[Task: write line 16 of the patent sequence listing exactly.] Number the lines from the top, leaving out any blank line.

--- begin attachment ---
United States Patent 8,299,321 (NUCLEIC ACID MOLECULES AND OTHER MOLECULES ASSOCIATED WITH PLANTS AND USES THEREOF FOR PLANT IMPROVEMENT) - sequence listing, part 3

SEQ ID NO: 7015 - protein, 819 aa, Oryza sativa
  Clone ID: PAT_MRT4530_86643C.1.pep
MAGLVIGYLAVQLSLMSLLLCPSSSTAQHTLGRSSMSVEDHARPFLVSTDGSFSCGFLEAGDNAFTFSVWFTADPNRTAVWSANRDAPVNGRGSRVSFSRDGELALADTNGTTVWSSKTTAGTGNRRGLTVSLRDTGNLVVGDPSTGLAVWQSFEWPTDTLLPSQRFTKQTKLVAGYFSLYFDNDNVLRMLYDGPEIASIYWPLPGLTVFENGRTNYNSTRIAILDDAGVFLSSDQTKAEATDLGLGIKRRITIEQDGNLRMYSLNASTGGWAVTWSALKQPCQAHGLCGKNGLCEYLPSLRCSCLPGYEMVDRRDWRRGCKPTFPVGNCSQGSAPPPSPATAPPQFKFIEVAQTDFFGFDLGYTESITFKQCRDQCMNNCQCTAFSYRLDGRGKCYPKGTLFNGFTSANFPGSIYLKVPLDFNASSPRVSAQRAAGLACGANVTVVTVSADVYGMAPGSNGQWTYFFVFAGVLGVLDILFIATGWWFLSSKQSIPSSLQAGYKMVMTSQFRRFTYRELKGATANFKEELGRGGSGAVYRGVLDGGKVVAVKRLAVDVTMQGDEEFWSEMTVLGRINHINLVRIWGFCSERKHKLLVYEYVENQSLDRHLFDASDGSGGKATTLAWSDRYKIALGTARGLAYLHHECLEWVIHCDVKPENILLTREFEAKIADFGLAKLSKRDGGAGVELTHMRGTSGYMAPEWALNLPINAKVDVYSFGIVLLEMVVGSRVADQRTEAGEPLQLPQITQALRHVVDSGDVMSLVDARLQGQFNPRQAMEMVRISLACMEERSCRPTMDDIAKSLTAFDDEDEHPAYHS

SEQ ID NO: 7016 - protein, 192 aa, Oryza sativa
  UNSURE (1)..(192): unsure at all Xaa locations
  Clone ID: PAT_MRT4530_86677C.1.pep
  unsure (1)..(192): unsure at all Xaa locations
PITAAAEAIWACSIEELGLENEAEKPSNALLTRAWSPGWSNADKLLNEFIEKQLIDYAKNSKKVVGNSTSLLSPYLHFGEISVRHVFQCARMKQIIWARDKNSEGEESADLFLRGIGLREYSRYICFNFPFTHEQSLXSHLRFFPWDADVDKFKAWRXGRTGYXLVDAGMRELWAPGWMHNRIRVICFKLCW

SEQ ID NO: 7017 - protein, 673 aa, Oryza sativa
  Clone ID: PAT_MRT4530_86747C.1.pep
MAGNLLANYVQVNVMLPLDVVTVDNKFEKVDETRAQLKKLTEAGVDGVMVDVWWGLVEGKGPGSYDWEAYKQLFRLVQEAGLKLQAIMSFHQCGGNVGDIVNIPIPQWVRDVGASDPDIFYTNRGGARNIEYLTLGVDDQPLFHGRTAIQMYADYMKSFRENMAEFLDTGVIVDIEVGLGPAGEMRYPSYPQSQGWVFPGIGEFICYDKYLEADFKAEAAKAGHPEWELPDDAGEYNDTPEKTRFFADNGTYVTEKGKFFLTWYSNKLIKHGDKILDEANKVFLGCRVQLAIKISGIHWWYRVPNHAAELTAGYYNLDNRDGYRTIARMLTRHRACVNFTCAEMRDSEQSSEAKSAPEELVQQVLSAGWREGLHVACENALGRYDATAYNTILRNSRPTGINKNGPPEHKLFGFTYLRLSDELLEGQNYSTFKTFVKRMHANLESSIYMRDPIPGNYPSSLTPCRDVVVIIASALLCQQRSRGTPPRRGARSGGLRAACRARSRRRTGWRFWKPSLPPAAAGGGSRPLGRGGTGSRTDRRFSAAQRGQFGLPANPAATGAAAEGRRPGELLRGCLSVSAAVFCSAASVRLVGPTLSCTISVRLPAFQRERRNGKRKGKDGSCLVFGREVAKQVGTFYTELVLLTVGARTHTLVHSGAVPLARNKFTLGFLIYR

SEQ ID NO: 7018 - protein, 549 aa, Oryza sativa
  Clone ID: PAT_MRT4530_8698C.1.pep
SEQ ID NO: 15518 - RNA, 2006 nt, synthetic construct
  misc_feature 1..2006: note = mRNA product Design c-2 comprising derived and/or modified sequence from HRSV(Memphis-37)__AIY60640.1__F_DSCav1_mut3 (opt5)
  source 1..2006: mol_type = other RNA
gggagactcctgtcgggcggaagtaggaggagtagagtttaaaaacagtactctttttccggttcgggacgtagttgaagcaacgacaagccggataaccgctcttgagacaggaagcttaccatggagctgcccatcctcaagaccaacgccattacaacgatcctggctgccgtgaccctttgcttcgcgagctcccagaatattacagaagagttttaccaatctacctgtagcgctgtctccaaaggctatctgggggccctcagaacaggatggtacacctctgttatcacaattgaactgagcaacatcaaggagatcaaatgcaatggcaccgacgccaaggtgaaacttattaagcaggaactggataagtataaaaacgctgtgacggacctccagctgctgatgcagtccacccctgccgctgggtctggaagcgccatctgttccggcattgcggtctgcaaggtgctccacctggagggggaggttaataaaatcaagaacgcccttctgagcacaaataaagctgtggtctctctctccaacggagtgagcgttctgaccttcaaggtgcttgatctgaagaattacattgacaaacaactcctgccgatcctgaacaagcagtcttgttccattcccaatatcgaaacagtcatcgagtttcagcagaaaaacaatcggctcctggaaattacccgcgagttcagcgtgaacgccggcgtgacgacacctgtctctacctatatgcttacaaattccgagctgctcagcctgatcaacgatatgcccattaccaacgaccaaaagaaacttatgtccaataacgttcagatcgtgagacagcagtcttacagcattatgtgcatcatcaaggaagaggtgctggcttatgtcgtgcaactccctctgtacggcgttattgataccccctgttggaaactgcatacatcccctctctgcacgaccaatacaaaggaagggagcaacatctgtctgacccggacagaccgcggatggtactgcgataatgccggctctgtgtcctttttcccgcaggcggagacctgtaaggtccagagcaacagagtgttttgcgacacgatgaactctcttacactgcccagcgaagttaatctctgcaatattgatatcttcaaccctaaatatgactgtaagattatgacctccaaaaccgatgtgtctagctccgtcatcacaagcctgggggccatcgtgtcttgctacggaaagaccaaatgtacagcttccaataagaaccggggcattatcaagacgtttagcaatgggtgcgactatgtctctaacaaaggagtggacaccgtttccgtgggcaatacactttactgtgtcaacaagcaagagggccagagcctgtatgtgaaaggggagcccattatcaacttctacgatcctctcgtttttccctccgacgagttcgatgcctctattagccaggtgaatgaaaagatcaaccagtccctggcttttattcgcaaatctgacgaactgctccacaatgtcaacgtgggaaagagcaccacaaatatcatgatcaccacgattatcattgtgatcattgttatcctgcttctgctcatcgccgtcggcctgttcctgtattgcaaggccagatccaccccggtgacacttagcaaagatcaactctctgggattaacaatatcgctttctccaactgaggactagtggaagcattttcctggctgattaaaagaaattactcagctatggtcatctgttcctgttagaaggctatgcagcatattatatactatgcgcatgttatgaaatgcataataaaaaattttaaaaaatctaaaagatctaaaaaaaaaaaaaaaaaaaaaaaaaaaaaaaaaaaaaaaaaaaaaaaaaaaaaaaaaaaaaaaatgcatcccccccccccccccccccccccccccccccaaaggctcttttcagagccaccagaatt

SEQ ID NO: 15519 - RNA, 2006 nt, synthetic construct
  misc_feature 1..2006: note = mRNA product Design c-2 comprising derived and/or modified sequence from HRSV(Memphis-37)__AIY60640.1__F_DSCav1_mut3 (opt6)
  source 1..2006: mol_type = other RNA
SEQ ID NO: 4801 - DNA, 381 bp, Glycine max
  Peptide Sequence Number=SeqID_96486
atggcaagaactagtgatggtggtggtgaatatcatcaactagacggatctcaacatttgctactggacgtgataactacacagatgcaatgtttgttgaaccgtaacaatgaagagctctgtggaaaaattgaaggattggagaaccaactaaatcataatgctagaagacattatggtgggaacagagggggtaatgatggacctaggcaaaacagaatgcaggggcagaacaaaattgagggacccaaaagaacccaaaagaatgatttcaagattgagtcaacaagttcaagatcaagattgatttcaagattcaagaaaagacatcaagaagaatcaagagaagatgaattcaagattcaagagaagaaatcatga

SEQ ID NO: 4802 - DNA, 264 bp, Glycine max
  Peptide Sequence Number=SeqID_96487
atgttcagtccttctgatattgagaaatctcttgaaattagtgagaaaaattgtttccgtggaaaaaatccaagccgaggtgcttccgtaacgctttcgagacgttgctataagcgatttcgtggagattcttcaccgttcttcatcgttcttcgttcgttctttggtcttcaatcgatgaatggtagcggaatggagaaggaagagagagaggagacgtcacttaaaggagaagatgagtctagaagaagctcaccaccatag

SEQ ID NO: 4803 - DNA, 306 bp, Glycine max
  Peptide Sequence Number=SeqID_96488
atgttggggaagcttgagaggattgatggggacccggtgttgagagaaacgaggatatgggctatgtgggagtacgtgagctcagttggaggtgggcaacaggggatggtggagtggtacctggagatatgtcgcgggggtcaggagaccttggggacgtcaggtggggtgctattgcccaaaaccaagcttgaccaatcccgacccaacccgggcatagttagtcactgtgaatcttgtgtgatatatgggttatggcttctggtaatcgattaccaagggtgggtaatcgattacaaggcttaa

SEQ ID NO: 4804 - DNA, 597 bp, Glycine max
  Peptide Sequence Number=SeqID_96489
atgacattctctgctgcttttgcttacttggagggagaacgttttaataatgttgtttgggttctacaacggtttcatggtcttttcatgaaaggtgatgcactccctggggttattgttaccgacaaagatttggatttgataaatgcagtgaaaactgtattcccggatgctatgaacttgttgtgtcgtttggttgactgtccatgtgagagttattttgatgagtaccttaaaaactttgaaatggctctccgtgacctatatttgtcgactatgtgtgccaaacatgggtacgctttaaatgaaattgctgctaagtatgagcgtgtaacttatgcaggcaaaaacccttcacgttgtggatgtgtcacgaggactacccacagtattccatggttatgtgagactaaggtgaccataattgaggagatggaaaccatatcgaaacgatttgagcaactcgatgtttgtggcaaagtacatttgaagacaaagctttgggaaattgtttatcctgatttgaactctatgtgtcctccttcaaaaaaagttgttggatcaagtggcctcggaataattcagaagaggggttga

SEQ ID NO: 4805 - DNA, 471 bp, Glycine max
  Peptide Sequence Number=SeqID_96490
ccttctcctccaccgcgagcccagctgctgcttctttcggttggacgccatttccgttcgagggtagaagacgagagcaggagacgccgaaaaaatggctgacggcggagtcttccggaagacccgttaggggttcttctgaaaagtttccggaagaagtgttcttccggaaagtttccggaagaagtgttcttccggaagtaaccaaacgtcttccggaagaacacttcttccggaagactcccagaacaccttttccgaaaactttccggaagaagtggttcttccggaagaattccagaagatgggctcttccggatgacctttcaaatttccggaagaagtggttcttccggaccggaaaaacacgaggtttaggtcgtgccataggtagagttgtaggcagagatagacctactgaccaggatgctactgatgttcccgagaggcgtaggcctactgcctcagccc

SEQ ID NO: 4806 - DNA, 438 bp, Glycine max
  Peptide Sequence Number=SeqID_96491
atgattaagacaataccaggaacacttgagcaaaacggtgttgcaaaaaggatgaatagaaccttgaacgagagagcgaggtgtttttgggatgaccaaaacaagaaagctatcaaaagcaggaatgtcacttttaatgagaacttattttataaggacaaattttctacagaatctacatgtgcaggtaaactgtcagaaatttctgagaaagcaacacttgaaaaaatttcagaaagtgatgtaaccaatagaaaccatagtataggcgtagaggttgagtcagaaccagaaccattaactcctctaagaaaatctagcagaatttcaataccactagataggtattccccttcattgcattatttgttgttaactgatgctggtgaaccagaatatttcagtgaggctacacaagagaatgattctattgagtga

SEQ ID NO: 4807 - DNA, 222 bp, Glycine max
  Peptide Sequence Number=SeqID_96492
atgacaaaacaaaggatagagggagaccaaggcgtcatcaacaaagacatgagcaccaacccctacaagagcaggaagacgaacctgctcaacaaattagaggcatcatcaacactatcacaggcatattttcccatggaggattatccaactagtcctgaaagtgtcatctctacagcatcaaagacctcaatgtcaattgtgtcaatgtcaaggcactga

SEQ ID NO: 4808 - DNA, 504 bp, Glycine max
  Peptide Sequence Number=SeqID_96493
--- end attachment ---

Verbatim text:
  misc_feature 1..2006: note = mRNA product Design c-2 comprising derived and/or modified sequence from HRSV(Memphis-37)__AIY60640.1__F_DSCav1_mut3 (opt5)